If you’ve been reading the news this year, we wouldn’t blame you for being curled in foetal position by the end of 2017.
Too often, the news is like a twisted game of Would You Rather, where you’re suddenly confronted with thoughts of ISIS, nuclear missile strikes or rare pandemics within five minutes of waking up. It’s little wonder that your most common Facebook reactionsto Australian news this year were “sad” and “angry”.
They say history tends towards progress, but it can be hard to keep sight of this when we bear witness to violence and misery through a device that most of us carry 24/7.
So to balance the doom and gloom, here are 12 good news stories you probably missed in 2017.
Scientists make old cells young again
Turning back the clock on our bodies is most people’s dream. We could be a step closer with a breakthrough discovery from University of Exeter researchers, who’ve rejuvenated old cells so they look and behave like young cells again — within hours.
They’ve done this by applying chemicals based on a substance in red wine, dark chocolate, red grapes and blueberries.
The discovery could lead to therapies that tackle the degeneration of our bodies, which could help prevent chronic diseases.
NASA and Uber join forces to develop flying taxis
Flying cars could be more than a cliched dream for the future thanks to a new partnership between NASA and Uber to develop “Uber Elevate”. In the not too distant future, you could order an uberAIR craft via an app and cut your commute time drastically, for the same price as a standard Uber X ride, according to the company.
Uber plans to test four-passenger flying taxis in Los Angeles and Dallas by 2020, with the hope of launching the service commercially in time for LA’s 2028 Olympics.
The “flying taxis” will be an electric fleet of vertical take-off and landing vehicles that the company says are quieter, safer and more environmentally sound than helicopters.
Initially, the aircraft will have pilots with a view to automating them in future, much like Uber’s development of driverless cars. They will take off from a network of “vertiports” built on existing carparks and helipads as well as from unused roadside land.
However, Uber’s ambitious timeline has left some sceptical, with Deloitte saying the service is unlikely to be operational before 2050, and Forbes saying the schedule “seems impossible”.
Muslim hackers unite to wipe ISIS off the internet
As the war against ISIS rages on, Muslim hackers are staging resistance online and documenting their efforts with the hashtags #OpIsis and #OpIceIsis.
On November 17, a coalition of hackers took down several ISIS-associated websites and continued to mount attacks on the terrorist group’s news agency, “Amaq”. In April, hackers installed a virus on the propaganda site that allowed them to activate visitors’ cameras, log their keystrokes, steal files, read phone messages, take screenshots, detect locations and collect contacts. Hackers also created a fake version of Amaq’s Android mobile app to track extremists.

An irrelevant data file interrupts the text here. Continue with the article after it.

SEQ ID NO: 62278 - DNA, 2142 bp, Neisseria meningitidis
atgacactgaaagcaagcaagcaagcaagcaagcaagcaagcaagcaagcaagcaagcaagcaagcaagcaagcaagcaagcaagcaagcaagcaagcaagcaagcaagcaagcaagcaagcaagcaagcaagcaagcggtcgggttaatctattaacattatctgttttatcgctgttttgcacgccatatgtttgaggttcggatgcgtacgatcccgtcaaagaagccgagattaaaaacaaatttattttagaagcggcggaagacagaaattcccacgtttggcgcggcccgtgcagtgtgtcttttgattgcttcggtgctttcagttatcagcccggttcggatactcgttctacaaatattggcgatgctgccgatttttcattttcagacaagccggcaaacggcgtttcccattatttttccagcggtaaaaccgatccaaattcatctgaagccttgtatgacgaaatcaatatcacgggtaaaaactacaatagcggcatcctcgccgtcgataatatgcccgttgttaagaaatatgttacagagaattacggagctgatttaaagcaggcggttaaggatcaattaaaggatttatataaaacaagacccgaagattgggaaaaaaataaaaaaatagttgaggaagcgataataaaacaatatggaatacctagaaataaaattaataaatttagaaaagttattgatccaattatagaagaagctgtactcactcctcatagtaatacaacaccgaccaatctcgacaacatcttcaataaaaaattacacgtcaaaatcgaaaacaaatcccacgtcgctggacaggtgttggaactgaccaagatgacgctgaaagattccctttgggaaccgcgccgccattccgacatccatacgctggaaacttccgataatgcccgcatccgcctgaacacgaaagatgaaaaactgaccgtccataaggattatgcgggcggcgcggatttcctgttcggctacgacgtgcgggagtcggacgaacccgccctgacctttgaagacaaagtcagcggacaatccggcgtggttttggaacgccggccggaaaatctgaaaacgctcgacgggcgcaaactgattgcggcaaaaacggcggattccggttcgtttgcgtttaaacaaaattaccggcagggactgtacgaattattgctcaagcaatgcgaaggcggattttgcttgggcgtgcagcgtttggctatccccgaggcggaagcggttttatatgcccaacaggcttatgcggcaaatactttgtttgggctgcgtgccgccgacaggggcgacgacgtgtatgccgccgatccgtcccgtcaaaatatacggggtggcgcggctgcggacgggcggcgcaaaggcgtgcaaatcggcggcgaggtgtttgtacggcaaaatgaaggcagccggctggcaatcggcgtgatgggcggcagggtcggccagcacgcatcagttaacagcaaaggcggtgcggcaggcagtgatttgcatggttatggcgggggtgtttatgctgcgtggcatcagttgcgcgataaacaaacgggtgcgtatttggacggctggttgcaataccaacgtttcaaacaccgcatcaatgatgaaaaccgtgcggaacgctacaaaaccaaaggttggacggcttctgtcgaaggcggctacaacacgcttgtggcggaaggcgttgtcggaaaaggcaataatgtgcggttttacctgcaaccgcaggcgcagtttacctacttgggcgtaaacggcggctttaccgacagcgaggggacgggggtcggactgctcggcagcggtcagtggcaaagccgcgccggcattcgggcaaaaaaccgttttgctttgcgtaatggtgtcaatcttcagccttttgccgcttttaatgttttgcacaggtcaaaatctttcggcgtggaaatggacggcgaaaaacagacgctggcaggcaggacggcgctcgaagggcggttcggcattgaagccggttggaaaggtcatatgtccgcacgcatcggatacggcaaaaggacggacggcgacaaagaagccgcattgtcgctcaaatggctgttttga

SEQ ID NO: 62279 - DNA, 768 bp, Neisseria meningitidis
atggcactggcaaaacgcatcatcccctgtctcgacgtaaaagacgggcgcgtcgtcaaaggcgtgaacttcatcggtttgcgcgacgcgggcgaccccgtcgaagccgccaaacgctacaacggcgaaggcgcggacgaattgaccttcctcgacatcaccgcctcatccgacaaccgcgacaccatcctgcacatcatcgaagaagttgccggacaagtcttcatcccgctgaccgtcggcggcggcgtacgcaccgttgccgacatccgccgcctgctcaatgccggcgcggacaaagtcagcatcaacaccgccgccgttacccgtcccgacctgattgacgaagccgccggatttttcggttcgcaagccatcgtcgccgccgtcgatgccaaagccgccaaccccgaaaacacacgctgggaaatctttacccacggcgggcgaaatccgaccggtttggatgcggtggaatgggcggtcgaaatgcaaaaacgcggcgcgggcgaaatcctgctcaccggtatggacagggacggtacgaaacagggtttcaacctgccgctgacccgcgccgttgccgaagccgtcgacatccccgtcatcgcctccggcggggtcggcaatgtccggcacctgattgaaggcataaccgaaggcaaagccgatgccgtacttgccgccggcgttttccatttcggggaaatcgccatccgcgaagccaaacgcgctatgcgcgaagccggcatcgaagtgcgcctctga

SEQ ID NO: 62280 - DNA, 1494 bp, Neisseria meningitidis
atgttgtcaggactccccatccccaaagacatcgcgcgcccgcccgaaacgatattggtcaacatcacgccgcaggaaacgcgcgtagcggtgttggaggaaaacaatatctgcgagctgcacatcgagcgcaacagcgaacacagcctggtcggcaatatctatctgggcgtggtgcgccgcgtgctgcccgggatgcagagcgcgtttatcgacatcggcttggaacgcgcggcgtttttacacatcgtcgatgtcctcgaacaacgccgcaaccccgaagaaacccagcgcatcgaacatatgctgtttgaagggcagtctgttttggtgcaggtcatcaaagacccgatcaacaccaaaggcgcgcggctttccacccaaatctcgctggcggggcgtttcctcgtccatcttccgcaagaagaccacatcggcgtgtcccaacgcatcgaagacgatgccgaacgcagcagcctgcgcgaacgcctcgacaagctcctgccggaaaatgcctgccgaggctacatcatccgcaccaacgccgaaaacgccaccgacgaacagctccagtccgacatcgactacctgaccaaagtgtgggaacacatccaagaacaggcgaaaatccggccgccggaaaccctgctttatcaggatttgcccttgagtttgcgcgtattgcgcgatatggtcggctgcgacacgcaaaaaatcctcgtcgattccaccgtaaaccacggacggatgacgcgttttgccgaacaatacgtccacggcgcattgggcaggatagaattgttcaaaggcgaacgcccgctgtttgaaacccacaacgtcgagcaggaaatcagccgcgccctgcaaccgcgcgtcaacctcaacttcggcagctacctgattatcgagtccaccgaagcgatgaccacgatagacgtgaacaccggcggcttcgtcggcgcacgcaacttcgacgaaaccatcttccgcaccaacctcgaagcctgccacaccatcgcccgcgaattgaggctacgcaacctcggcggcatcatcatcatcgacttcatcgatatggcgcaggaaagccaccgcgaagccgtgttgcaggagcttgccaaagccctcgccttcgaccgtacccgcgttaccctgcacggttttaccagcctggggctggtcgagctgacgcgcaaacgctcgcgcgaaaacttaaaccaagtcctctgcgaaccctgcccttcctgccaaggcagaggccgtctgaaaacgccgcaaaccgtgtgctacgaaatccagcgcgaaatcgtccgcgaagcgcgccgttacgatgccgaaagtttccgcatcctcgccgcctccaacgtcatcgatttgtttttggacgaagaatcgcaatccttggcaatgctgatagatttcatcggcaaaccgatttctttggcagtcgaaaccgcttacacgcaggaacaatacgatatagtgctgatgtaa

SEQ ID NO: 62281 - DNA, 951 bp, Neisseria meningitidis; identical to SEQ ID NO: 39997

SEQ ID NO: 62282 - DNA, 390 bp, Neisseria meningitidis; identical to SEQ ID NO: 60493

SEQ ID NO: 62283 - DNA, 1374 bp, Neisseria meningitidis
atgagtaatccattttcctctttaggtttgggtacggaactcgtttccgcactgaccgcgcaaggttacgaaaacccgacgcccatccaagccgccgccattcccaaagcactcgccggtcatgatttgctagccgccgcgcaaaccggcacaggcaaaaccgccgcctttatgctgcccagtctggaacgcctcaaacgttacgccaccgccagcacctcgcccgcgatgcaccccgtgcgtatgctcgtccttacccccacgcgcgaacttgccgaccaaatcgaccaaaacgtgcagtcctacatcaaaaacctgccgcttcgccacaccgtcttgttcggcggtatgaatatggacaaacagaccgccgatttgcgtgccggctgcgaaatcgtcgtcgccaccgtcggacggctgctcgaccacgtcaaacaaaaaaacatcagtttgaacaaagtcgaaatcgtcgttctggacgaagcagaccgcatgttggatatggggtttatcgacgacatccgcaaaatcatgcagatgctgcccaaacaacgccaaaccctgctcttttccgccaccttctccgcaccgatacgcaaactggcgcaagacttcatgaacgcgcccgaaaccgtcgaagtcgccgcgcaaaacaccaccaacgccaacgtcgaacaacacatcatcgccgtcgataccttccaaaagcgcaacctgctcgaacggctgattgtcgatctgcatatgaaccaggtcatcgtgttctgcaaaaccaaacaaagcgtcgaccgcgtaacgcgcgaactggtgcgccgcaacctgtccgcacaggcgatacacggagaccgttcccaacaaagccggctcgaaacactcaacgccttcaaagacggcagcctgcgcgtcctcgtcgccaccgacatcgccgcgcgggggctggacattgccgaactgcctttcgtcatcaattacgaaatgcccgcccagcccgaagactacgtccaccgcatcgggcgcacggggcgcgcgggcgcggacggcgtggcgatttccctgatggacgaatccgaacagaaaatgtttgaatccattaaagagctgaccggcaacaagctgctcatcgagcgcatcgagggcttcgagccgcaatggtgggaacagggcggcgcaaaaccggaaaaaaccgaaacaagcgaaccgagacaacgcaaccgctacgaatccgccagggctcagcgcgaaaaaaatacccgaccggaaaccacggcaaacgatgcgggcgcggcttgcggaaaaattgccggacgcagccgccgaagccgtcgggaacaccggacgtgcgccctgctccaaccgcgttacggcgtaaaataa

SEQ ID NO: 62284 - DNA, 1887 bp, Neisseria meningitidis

The hacktivist group Di5s3nSi0N claims to have also infiltrated several ISIS channels on the encrypted messaging app Telegram, which has become ISIS’s platform of choice following crackdowns on Twitter.
Hacktivist leader “Mikro” says technology companies and governments are not doing enough to stop ISIS online.
Mikro warns that while hackers are aggravating ISIS it’s a case of “whack a mole”, with new sites popping up to replace disabled platforms.
Rats are protecting elephants from landmines
Rats are protecting elephants on their migration routes across Southern Africa, sniffing out land mines that they are too small to trigger.
The rats are deployed by Belgian charity APOPO, who’ve been tasked by the Zimbabwean government with clearing landmines inside the largest conservation area in the world, the Great Limpopo Transfrontier Park.
But it’s not just endangered wildlife like elephants, lions and tigers at risk — the mines threaten Zimbabwean communities who are barred from accessing water sources, trading routes and land for grazing their livestock.
Clearing the region could bring millions in eco-tourism, and it’s a conceivable goal, with neighbouring Mozambique now mine-free after 22 years of work by government and charities.
According to APOPO, their HeroRats have located over 106,000 mines as well as detecting tuberculosis in 12,000 undiagnosed patients.
Supporters can “adopt” (sponsor) or gift a Herorat online.
Prison inmates give their food to hungry kids
This Christmas, an inmate at NSW’s Mid North Coast Correctional centre decided it was time to give back to the charity that was feeding his child in his absence.
Together with the prison chaplain, he enlisted fellow prisoners to donate money from their modest wages to buy food for hungry kids in their area, South Kempsey. Prisoners without a job donated food from their own breakfasts instead. All 650 prisoners contributed in one way or another, according to one inmate, and together they stockpiled seven weeks worth of food for the No Kid Hungry project at The Saving Place.